AMA Mulling Endorsement of Marketing Ban on Energy Drinks
American Medical Association's "bully pulpit" could sway policy if resolution passes
Published in CSP Daily News
CHICAGO -- The American Medical Association (AMA) may endorse sales and advertising bans of "high-energy/stimulant drinks" to young people under age 18, pending more scientific study about health risks, said a Forbes report.
A debate schedule for this weekend by the AMA's policy-making House of Delegates comes amid intensifying scrutiny of energy drinks, which are popular particularly among young adults who get a boost from caffeine and other ingredients in the beverages.
A resolution from the New York State Medical Society that will be discussed at this year's annual AMA meeting in Chicago cites an increase in emergency room visits the physicians said was "linked to the consumption of 'stimulant' drinks." Doctors have also cited probes like that of the New York State Attorney General's investigation into drink makers that include Monster Beverage Corp. and PepsiCo Inc.
A source close to the deliberations told CSP Daily News that any such marketing ban would not become policy unless the House of Delegates approved it, and that it could amend the language or reject the entire proposal.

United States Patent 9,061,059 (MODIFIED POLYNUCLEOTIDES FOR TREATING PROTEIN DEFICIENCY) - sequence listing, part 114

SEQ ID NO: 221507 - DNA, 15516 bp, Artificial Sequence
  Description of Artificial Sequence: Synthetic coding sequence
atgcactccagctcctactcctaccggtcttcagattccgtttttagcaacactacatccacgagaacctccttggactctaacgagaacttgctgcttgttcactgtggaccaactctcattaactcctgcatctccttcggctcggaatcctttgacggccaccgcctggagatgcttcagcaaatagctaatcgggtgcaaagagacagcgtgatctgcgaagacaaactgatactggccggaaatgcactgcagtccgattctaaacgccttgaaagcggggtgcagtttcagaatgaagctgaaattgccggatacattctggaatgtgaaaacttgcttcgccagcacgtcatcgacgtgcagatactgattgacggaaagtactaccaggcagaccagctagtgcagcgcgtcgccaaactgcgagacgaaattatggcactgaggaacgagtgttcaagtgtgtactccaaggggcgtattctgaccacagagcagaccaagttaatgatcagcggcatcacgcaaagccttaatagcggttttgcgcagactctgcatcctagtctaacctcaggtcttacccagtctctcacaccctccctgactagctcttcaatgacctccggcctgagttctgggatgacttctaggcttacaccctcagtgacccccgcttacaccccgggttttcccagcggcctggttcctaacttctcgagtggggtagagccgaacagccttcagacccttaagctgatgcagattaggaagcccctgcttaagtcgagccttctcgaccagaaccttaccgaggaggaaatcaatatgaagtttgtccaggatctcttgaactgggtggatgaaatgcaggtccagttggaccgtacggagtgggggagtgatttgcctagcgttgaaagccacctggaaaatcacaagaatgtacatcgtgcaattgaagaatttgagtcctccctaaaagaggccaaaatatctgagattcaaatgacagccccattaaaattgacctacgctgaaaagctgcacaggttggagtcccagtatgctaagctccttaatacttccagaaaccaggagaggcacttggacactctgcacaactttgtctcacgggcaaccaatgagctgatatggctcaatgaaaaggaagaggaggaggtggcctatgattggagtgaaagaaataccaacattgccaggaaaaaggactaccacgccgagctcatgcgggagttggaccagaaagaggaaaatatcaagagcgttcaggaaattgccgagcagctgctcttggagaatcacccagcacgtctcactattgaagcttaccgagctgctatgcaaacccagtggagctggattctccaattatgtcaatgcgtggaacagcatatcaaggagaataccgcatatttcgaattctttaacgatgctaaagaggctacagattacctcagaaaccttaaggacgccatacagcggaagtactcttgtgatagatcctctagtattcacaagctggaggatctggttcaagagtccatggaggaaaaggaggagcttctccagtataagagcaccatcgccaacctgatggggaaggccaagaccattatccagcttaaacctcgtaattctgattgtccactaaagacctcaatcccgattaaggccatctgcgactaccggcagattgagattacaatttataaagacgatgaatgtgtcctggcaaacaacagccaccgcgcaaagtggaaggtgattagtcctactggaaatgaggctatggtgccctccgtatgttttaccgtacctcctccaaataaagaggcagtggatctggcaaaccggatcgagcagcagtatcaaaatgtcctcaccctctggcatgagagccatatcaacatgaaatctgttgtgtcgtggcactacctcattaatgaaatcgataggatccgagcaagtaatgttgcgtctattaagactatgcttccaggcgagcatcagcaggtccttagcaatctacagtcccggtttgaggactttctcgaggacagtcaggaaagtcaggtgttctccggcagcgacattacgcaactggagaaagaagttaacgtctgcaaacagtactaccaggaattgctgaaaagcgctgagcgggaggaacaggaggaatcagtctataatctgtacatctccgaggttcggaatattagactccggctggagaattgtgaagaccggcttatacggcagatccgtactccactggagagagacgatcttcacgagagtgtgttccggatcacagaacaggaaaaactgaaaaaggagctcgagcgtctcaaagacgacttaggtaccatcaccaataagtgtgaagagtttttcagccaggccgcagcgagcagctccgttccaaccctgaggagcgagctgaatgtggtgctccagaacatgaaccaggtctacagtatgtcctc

Though any action by the AMA's policy-making House of Delegates has no legal authority over the sale of energy drinks, the national doctor's group has a "bully pulpit" on public health issues, said the report. The AMA is also considered a powerful lobby in Washington and in state capitols across the county where it holds sway when it comes to medical policy and health regulations.
"The popularity of stimulant drinks has increased markedly in recent years with sales increasing 240% from 2004 to 2009, with further data indicating that these drinks are consumed by 30 to 50% of children, adolescents, and young adults," the New York delegation to the AMA House of delegates said in its resolution cited by Forbes. "Studies have shown that high 'stimulant' drinks contain excessive amounts of caffeine with one can having the equivalent of up to 50 cups of coffee. Excessive caffeine can cause adverse effects such as dizziness, insomnia, agitation, restlessness, anxiety, GI disturbances, myocardial infarction and death."
Any push by the AMA would meet resistance from drink makers, the report said.
Monster, for example, earlier this year has fought back against curbs on sales of its drinks such as a suit it filed against the San Francisco City Attorney this spring.
The resolution regarding energy drinks is among dozens that will be debated at the AMA's 524-member House of Delegates, which convenes Saturday to Wednesday at the Hyatt Regency Chicago.
Aside from endorsing a ban on such drinks, AMA delegates are also pushing for more scientific study of energy drinks, said the report.